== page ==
A recent report commissioned by the African Economic Research Consortium (AERC) and carried out by the Economic Association of Malawi (ECAMA) has established that lower levels of financial literacy is one of three factors affecting mobile financial services in the country.
The study found out that although mobile financial services are gaining prominence, adoption and usage remains low, impacted by the high cost of internet and low rural penetration.
According to the research, the penetration of mobile phone technology increased from 1.8% of the population in 2004 to over 42.5% in 2016.
"Recent data indicate mobile money subscription stands at 3.7 million, representing 51.7 percent of total mobile phone subscription in Malawi," observed the report.
It added that active subscription remains low at 23.3% over a 30-day period and 34% over a 90-day period.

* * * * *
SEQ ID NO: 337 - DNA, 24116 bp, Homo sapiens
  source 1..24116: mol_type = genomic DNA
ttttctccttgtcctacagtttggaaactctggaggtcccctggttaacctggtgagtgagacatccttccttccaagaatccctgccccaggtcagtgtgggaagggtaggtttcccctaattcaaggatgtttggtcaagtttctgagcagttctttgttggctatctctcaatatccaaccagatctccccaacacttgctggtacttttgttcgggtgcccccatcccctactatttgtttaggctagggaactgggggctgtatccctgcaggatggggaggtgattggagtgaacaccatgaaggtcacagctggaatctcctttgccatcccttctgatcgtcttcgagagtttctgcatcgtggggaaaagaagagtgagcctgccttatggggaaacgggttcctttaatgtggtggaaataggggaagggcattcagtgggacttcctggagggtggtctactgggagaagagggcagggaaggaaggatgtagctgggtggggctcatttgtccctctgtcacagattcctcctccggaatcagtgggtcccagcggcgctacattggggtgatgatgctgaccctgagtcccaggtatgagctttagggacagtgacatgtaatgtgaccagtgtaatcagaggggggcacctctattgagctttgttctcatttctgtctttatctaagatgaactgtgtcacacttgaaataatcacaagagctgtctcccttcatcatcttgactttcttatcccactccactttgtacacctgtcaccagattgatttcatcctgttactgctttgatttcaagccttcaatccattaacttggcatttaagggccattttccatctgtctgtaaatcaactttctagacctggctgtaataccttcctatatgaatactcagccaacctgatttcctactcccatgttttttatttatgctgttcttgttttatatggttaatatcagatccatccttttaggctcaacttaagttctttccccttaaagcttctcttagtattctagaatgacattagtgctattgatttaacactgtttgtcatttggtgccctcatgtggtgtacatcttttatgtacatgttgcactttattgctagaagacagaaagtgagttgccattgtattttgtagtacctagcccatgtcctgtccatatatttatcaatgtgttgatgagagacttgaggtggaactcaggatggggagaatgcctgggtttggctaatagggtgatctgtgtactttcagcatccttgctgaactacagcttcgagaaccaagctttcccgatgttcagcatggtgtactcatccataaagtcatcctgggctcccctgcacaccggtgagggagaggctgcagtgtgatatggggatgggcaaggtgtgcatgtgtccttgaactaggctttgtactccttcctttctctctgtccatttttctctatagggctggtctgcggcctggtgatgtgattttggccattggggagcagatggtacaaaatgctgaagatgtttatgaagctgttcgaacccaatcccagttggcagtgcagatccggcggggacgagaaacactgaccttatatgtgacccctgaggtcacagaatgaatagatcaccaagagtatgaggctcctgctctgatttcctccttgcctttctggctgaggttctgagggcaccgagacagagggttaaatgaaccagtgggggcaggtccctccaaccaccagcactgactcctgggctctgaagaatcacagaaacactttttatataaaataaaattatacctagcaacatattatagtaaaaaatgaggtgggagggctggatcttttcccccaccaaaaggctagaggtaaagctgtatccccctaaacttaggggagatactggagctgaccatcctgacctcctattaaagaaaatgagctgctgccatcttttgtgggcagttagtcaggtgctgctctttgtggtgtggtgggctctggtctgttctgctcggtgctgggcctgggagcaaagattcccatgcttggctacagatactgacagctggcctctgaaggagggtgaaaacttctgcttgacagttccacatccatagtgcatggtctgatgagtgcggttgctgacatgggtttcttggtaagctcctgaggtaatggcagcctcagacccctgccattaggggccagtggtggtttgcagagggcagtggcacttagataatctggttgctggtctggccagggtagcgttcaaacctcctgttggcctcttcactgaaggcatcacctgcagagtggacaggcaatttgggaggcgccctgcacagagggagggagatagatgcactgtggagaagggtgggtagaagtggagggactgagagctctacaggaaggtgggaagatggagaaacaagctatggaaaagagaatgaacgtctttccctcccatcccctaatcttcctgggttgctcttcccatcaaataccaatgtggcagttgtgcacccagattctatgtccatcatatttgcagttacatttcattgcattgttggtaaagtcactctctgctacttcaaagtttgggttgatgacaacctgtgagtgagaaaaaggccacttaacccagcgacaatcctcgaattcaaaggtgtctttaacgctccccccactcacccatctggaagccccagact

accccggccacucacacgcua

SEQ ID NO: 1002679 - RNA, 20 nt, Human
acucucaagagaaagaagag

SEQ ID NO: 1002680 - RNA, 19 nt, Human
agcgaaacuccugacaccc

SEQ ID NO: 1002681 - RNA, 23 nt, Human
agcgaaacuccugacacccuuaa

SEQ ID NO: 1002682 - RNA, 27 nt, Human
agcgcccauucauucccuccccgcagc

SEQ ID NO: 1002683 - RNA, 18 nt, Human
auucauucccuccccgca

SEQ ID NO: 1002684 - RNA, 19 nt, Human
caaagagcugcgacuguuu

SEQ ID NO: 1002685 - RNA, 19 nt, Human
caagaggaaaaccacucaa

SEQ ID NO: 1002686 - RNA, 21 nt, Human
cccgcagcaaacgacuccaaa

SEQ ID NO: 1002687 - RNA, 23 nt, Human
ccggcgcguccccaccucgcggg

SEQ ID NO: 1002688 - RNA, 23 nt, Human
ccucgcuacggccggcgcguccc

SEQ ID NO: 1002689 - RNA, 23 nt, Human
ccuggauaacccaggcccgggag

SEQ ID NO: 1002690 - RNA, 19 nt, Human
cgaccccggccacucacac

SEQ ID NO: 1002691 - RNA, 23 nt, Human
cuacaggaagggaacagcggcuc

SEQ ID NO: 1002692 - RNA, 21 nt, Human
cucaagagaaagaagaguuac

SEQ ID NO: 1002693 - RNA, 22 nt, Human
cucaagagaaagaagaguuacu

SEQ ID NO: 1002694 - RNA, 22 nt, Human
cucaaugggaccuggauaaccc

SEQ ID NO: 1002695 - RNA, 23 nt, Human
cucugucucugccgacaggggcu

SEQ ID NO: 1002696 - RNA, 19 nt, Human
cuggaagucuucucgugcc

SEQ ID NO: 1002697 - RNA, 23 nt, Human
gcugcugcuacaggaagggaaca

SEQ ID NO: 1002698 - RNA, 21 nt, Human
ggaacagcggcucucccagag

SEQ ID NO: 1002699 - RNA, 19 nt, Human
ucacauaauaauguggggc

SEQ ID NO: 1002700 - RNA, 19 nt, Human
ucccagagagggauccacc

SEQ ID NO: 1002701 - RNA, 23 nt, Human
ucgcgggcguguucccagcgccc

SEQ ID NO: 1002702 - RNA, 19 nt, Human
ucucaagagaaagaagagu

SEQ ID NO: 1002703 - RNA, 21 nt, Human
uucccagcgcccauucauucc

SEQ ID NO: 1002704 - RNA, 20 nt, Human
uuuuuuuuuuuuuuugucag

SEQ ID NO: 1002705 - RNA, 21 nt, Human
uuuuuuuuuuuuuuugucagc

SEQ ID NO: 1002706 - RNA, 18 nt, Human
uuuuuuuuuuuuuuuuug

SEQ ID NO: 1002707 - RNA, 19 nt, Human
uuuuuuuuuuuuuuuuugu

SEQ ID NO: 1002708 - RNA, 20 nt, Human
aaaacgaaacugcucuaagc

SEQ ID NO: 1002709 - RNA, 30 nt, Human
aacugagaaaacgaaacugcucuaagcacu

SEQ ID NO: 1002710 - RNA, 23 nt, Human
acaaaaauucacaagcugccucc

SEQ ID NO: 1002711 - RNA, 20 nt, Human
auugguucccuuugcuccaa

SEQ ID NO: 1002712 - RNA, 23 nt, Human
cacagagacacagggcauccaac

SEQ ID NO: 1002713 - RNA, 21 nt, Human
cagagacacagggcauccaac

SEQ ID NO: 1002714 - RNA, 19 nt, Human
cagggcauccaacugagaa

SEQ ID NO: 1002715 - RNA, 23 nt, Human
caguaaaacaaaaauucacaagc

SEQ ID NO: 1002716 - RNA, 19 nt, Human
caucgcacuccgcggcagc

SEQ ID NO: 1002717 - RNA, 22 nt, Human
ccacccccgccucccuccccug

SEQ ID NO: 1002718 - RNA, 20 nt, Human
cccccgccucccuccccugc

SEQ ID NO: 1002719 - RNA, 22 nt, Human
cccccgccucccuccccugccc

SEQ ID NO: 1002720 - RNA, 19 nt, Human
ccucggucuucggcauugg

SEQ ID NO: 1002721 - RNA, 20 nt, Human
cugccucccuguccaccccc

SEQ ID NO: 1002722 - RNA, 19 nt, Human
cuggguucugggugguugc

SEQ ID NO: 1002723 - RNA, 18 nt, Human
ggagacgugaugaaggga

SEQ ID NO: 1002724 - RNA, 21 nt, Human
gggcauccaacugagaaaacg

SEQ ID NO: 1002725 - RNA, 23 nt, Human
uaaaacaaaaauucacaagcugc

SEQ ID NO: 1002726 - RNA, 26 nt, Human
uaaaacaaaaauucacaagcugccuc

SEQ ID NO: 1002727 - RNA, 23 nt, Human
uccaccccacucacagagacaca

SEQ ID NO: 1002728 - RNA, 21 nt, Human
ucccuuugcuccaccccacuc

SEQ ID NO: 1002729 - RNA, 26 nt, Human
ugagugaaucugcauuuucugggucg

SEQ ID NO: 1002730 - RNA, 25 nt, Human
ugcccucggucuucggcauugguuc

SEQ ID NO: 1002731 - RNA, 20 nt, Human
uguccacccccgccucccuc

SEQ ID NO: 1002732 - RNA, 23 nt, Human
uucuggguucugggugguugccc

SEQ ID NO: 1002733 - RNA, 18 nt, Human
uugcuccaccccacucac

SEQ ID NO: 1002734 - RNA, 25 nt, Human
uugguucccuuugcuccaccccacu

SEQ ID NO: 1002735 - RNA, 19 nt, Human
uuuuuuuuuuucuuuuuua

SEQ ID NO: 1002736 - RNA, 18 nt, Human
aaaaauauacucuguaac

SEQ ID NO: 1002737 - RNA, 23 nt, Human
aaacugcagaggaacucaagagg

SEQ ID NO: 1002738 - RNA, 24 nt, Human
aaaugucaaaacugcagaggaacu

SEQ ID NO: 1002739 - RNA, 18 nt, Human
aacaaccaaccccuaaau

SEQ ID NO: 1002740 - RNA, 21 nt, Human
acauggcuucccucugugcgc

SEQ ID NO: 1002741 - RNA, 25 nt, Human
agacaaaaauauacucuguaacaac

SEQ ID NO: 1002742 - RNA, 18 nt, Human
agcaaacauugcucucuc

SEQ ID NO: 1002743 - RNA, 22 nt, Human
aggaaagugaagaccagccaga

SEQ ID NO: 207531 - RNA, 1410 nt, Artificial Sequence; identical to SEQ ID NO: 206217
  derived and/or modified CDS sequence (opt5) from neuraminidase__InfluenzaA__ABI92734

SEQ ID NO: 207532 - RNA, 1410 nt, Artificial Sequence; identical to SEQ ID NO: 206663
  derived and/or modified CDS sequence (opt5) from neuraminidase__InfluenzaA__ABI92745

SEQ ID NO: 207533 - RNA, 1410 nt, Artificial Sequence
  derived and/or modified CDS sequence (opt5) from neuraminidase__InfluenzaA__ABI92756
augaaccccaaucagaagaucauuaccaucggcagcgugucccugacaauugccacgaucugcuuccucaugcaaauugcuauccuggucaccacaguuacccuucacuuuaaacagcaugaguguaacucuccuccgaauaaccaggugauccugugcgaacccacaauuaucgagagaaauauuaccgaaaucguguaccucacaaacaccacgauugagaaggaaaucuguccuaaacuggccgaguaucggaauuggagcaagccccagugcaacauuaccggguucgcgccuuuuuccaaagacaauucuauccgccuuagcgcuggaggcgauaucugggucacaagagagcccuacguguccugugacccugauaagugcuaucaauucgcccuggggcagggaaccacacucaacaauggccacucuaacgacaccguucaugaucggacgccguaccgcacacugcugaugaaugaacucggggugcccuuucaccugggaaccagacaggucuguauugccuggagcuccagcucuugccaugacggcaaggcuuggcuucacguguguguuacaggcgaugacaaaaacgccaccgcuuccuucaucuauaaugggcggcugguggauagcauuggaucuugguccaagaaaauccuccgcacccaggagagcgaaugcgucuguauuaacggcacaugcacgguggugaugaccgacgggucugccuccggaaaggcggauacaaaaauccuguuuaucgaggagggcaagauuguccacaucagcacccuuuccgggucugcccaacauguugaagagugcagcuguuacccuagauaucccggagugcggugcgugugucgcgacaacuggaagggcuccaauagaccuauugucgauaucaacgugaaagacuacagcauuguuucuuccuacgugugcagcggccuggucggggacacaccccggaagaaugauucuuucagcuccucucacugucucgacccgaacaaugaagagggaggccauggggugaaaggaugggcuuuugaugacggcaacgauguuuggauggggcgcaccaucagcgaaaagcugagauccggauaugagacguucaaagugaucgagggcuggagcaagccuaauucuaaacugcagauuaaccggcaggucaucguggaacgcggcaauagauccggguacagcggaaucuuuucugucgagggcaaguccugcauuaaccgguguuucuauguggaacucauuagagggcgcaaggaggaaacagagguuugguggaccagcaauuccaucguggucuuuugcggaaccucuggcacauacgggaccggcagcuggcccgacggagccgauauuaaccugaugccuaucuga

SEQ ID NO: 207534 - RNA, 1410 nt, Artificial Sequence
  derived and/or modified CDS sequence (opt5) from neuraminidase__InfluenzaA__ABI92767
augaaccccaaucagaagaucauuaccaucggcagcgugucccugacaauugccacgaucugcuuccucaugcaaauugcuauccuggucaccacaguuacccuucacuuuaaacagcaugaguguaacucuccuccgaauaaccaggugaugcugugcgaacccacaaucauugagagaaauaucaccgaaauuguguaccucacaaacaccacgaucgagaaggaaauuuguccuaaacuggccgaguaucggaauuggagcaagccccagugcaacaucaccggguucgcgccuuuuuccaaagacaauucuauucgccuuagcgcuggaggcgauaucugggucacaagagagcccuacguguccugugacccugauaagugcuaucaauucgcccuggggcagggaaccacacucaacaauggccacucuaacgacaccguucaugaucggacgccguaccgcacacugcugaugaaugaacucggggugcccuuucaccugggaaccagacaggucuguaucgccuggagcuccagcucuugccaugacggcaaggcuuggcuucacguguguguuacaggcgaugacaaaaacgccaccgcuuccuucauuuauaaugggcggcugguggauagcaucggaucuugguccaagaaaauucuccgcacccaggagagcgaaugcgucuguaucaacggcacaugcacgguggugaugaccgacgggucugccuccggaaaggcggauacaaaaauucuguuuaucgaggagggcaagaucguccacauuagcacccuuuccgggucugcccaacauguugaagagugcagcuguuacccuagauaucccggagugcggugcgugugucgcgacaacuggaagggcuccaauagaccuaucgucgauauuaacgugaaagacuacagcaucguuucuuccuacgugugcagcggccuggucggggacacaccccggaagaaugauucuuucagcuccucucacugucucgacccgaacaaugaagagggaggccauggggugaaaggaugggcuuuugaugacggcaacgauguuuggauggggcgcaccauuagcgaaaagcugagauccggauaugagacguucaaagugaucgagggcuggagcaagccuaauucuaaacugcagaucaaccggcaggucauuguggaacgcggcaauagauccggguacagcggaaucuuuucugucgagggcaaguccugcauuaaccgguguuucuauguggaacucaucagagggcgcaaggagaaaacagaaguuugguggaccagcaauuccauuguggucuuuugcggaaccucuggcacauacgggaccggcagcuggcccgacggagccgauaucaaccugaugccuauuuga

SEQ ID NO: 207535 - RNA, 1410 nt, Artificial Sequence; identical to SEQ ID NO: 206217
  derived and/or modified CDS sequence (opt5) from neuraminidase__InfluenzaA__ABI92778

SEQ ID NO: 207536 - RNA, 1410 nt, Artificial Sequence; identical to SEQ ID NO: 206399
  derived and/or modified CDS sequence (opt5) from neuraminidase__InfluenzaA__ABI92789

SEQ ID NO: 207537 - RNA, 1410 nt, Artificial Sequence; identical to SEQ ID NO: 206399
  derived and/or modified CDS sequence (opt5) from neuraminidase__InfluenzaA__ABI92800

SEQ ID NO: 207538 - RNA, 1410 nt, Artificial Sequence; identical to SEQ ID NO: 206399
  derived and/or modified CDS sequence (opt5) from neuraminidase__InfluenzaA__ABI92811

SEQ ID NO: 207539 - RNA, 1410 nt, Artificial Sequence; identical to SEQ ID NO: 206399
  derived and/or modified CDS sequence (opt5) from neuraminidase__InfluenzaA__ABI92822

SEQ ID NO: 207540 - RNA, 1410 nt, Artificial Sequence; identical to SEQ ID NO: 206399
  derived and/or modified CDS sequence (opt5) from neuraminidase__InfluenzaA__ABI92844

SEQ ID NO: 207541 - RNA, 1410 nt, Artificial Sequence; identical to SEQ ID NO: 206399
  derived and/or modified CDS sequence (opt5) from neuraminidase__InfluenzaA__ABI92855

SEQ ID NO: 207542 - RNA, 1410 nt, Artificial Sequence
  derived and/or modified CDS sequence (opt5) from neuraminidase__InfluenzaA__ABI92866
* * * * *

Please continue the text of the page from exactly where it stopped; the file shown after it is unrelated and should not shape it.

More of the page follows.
"Findings reveal the likelihood of using mobile financial services increases with increasing levels of financial literacy, type of employment and urban residence," reads an excerpt from the report.
Central Bank's Principal Analyst for National Payment Systems Chikondi Chigamba believes the study is a true reflection of the situation on the ground.
"The central bank has policies and regulations in place on how service providers can penetrate the country with their mobile financial services including the financial literacy aspects."
Reserve Bank of Malawi spokesperson Mbane Ngwira added that by September 2018, digital payments had increased by an average of over 30%.
"Our aim is to give more incentives to digital payments and the cash and checks will be phasing out," he said.
Officials from Malawi's only two mobile phone service providers Airtel Malawi and TNM agreed that more needs to be done to improve the level of financial literacy.
"We can do better to sensitise consumers on the mobile financial services and what they can do to maximise the service," said Airtel Malawi's Head of Mobile Money Chris Sukasuka.